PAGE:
This certainly isn’t the first time OnePlus has been caught cheating in benchmarks. This time, the company’s latest flagship, OnePlus 5, is under fire.
Why and how do OEMs cheat on benchmarking? – Gary explains
Just a few months ago, XDA-Developers discovered that the OnePlus 3 and OnePlus 3T had been programmed to cheat in benchmark apps in order to maximize their scores. Essentially, the CPU in these devices remained at 1.29 GHz for the big cores and 0.98 GHz for the small ones, and this minimum frequency reduced the number of step frequencies, resulting in lower variance. The result was slightly better performance in benchmarks, but the publication concluded that it was due to the sudden merge of the OxygenOS and Hydrogen OS development teams. OnePlus issued a statement then, promising that these mechanisms will not be present in future OxygenOS builds.
OnePlus is manipulating benchmarks with its latest smartphone, but this time, it’s more 'blatant' and 'consciously introduced.'
Fast-forward to June, OnePlus has unveiled its latest flagship, the OnePlus 5. While benchmarks should never be taken as an absolute indicator of a device’s performance, the OnePlus 5 did manage to create buzz when leaked benchmark results showed it outperforming popular phones like the Galaxy S8 Plus and Pixel XL. Well, it turns out those numbers may not be telling the whole truth. XDA-Developers reports that OnePlus is again manipulating benchmarks with its latest smartphone, but this time, it’s more “blatant” and “consciously introduced.”
XDA-Developers received its review unit ten days ago and has learned that it contains a blatant cheating mechanism that maximizes performance within benchmark apps. It states that other review units are likely to be affected and warns potential buyers that benchmark results reported by other online publications are probably based on misleading data.
We’ve reached out to OnePlus for comment and will update this post when we hear back.
To be more specific, the team has found that the OnePlus 5 “resorts to the kind of obvious, calculated cheating mechanisms” to “maximize scores.” Because all little cores are affected and kept at 1.9 GHz, the OnePlus 5 is able to achieve some of the highest GeekBench 4 scores of a Snapdragon 835 device to date.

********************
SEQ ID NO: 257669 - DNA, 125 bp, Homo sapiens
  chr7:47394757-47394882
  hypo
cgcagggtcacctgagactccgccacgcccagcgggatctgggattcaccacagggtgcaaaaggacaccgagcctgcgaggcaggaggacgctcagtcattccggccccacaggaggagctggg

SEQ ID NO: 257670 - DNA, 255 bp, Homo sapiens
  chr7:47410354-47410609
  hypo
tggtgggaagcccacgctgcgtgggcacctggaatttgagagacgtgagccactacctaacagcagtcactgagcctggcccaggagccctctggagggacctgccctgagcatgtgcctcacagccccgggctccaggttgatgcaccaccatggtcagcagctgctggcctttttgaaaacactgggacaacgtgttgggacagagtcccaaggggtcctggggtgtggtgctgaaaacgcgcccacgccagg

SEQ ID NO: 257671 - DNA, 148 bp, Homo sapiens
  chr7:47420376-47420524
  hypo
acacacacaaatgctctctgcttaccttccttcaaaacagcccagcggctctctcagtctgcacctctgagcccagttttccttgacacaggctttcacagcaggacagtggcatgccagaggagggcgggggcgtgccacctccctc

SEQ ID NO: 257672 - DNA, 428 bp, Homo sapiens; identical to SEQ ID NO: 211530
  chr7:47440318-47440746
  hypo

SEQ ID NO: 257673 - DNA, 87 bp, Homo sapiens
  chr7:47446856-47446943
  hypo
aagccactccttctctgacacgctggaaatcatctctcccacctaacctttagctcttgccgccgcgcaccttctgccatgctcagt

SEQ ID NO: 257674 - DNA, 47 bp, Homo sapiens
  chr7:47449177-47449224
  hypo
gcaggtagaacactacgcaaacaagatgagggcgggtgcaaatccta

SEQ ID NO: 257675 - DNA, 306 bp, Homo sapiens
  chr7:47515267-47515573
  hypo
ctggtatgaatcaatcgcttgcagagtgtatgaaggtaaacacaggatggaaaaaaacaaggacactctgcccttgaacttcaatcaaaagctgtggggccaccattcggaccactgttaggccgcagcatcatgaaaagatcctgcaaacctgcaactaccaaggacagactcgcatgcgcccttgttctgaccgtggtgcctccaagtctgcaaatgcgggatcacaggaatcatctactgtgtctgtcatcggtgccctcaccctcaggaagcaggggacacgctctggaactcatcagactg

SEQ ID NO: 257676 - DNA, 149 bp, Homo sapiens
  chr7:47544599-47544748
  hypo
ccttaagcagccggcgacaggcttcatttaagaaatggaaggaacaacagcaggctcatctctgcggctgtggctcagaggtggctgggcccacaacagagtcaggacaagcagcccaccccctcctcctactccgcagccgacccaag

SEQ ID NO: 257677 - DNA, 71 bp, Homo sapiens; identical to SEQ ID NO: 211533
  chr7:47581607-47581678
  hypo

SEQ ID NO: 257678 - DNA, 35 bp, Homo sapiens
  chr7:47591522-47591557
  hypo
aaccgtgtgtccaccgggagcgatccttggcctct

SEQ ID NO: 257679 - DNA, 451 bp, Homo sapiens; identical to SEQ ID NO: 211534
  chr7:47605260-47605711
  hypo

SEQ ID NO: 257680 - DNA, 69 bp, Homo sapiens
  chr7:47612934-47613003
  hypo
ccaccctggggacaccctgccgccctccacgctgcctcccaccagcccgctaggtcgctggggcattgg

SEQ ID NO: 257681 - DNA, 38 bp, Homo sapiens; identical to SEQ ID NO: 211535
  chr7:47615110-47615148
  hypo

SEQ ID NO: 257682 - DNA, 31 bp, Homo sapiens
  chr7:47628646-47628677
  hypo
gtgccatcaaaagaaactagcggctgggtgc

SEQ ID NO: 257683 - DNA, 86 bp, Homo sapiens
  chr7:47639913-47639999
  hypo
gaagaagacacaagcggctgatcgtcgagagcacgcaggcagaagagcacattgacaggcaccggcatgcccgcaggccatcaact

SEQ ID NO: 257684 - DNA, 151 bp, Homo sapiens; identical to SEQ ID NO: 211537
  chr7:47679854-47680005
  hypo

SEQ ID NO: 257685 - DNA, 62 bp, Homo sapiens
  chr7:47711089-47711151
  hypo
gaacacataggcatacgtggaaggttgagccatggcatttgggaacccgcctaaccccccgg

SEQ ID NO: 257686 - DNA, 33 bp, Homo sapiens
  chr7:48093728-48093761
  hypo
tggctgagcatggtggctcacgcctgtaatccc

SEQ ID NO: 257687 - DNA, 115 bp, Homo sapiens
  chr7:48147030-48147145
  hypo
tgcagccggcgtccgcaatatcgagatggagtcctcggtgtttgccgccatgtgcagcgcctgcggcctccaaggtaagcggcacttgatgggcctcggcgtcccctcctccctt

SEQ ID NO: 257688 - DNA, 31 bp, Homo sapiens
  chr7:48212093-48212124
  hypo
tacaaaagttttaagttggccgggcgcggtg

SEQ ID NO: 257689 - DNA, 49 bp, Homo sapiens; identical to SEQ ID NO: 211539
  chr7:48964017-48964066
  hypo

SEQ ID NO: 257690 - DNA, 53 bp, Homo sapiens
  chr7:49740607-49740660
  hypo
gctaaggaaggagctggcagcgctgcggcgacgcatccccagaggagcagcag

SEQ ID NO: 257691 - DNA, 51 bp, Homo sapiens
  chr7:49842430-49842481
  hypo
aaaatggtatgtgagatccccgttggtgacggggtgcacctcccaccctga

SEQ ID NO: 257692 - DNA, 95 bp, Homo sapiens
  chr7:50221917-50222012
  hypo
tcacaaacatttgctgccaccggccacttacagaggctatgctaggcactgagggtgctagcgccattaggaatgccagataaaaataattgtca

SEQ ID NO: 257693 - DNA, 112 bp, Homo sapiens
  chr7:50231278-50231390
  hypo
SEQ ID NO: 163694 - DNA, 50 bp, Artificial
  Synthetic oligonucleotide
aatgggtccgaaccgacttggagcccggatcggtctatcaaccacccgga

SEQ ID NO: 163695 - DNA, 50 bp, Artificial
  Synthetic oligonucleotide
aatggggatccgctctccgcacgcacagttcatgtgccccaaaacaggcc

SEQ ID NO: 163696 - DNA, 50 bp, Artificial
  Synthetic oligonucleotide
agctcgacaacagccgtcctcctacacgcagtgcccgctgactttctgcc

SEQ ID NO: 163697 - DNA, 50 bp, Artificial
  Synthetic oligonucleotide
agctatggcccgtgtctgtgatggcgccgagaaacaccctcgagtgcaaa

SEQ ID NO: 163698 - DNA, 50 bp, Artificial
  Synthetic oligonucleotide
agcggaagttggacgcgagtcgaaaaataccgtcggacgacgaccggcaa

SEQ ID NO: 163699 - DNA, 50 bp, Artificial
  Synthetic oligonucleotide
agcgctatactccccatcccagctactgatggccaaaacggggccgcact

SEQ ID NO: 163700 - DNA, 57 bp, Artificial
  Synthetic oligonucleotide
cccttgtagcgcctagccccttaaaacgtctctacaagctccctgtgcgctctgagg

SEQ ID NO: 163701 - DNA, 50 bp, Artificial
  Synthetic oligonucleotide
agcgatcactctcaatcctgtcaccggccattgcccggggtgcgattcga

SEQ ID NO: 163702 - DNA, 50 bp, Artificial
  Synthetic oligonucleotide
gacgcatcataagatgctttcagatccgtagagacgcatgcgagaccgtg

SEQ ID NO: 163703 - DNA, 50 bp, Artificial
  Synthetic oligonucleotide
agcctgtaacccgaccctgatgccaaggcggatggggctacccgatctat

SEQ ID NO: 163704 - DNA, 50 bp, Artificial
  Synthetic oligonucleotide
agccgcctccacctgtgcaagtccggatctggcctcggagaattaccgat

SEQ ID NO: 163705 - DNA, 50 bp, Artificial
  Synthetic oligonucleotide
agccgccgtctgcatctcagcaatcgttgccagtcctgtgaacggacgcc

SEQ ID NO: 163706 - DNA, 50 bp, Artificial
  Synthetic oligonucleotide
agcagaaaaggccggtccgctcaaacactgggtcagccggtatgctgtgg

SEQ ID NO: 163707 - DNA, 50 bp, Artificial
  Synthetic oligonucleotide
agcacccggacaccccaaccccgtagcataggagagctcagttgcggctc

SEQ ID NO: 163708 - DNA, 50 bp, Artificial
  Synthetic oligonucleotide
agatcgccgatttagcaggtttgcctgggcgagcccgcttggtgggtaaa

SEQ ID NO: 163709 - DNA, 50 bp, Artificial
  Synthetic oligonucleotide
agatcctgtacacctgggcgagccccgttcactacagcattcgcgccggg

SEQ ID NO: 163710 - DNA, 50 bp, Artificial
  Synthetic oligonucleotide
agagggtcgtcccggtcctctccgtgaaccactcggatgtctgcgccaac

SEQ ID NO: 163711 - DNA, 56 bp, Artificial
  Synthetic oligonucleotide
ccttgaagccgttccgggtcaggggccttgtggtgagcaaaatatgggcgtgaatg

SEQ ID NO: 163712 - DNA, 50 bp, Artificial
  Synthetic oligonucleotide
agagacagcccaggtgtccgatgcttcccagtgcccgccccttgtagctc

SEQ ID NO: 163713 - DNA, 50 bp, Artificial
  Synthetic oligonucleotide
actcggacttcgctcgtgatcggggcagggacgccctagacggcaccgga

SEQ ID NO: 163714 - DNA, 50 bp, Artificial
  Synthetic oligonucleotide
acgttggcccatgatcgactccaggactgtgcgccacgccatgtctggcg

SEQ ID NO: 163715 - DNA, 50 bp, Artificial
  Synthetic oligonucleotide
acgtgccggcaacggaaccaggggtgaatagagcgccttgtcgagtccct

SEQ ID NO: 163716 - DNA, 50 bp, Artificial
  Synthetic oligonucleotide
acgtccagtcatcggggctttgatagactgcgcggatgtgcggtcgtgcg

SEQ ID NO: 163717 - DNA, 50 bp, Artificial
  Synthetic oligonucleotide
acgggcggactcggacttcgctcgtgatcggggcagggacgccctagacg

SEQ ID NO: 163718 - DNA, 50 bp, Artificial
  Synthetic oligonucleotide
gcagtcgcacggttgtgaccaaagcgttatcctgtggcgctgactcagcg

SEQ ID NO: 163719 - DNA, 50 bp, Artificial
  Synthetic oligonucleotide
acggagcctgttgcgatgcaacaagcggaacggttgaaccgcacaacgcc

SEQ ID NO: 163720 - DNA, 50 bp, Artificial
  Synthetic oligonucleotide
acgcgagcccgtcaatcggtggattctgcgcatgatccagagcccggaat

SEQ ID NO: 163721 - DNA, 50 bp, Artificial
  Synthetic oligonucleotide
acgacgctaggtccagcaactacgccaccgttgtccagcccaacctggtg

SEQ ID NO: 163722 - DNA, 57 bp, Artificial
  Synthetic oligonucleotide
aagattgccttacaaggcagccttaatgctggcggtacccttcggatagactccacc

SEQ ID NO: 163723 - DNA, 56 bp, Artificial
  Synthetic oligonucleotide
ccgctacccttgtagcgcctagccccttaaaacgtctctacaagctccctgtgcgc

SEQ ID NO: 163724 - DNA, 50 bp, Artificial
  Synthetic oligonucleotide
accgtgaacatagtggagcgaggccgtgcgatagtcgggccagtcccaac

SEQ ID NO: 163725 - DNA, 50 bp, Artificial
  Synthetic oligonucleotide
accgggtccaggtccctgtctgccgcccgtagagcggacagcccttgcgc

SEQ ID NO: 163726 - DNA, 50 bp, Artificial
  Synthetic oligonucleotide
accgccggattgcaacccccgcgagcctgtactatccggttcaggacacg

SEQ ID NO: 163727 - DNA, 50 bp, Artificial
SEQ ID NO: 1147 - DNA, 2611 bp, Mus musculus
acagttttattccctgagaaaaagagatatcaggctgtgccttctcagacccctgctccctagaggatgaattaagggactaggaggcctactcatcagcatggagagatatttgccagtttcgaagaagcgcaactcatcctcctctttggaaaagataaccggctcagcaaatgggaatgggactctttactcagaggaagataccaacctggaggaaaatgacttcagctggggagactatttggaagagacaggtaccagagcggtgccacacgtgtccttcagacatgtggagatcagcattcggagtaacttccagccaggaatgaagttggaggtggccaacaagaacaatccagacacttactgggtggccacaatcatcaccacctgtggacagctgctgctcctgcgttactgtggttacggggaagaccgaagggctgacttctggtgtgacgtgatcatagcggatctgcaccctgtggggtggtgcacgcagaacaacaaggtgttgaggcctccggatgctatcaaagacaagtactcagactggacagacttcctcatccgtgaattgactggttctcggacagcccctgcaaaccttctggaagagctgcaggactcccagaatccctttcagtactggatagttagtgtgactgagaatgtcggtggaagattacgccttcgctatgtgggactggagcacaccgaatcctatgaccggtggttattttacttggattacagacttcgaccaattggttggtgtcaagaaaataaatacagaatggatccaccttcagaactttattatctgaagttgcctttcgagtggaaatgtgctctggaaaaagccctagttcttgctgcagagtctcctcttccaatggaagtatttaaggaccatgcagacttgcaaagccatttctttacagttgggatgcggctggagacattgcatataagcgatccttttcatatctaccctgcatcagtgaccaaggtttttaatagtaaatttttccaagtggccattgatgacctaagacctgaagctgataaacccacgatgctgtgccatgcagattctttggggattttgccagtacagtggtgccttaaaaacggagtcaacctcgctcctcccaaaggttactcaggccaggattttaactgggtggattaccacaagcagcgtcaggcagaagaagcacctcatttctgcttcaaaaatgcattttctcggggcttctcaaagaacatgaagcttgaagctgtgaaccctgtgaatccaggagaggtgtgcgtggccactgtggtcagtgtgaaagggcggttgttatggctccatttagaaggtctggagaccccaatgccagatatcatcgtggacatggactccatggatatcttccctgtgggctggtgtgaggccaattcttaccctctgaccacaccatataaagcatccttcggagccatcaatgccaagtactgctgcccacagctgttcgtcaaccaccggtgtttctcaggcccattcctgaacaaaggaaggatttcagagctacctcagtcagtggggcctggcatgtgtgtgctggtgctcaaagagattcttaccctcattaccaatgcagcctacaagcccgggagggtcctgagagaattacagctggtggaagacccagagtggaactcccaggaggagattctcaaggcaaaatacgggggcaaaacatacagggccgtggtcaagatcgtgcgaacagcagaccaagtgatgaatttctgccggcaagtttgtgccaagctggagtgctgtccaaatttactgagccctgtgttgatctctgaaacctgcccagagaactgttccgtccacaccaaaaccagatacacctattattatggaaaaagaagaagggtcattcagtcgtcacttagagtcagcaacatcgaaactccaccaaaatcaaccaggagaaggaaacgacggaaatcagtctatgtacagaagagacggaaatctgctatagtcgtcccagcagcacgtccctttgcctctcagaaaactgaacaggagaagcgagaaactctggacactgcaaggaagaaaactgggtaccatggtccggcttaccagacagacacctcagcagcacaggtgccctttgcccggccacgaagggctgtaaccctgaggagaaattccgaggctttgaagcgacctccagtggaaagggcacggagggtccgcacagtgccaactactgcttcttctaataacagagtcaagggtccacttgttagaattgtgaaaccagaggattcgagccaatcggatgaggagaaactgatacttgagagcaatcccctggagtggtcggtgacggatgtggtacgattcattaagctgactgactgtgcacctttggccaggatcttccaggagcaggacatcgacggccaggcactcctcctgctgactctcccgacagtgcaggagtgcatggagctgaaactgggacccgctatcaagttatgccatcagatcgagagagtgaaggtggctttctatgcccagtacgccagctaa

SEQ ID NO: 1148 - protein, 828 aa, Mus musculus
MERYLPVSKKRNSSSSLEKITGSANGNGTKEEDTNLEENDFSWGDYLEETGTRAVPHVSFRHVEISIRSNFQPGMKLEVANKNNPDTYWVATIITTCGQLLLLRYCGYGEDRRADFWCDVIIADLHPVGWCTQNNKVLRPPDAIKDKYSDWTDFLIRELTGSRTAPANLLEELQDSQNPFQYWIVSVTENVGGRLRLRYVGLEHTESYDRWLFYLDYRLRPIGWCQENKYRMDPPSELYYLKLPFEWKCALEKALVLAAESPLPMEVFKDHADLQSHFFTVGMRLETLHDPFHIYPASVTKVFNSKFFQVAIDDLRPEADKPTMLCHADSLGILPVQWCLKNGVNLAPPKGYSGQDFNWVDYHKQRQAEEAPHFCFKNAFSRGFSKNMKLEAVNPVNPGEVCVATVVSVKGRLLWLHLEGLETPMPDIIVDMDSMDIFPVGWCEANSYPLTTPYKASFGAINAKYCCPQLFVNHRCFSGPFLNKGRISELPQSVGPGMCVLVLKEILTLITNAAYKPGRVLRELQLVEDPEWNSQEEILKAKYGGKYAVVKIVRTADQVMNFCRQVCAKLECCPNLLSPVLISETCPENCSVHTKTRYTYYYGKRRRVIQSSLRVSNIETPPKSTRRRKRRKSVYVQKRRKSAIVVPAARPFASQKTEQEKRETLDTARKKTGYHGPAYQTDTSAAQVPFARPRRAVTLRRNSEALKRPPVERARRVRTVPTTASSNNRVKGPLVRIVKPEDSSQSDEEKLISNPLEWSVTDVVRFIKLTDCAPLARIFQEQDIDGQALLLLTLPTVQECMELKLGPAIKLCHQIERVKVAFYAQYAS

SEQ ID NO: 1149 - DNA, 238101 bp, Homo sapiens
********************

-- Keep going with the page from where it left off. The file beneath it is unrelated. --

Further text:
Because all little cores are affected and kept at 1.9 GHz, the OnePlus 5 is able to achieve some of the highest GeekBench 4 scores of a Snapdragon 835 device to date.
They state that AnTuTu, Androbench, GFXBench, Quadrant, Nenamark 2, and Vellamo are also affected – the exact same list of apps as last time when the OnePlus 3 and OnePlus 3T were involved. Without the cheating mechanism, the team found that only 24.4 percent of readings returned the maximum frequency of 1.9 GHz in the small cores whereas with it enabled, the number jumped to a whopping 95 percent.
As you can see above, the difference is only noticeable in multi-core results, which is what most people look at, given Android’s full support of multi-threaded applications. The manipulation of the smaller cores inside Snapdragon 835 results in enough of a boost to put the OnePlus 5 ahead of its competition. XDA-Developers has received an official comment from OnePlus since its publication:
People use benchmark apps in order to ascertain the performance of their device, and we want users to see the true performance of the OnePlus 5. Therefore, we have allowed benchmark apps to run in a state similar to daily usage, including the running of resource intensive apps and games. Additionally, when launching apps the OnePlus 5 runs at a similar state in order to increase the speed in which apps open. We are not overclocking the device, rather we are displaying the performance potential of the OnePlus 5.
In contrast to the official statement issued during the OnePlus 3/3T scandal, in which the company admitted its wrongdoing and promised a fix, this time around, OnePlus defends this mechanism and argues that it is simply to show the potential of the device. However, as XDA-Developers points out, in no way is the overclocking of the little cores an accurate representation of everyday usage.
Of course, OnePlus is not the only company to have been accused of benchmark cheating: major Android OEMs have been in the same boat. However, the difference is that OnePlus is a company that survives and thrives on its fan base and community. With deplorable software support, increasing prices, and now even more benchmark controversy, OnePlus may be headed in the wrong direction. What was once thought to be a disruptive force could end as a failed attempt if the company loses its identity.
What are your thoughts on OnePlus and its latest benchmark-cheating scandal? Has OnePlus lost its magic? Has it become too similar to companies like Samsung? Let us know in the comments below.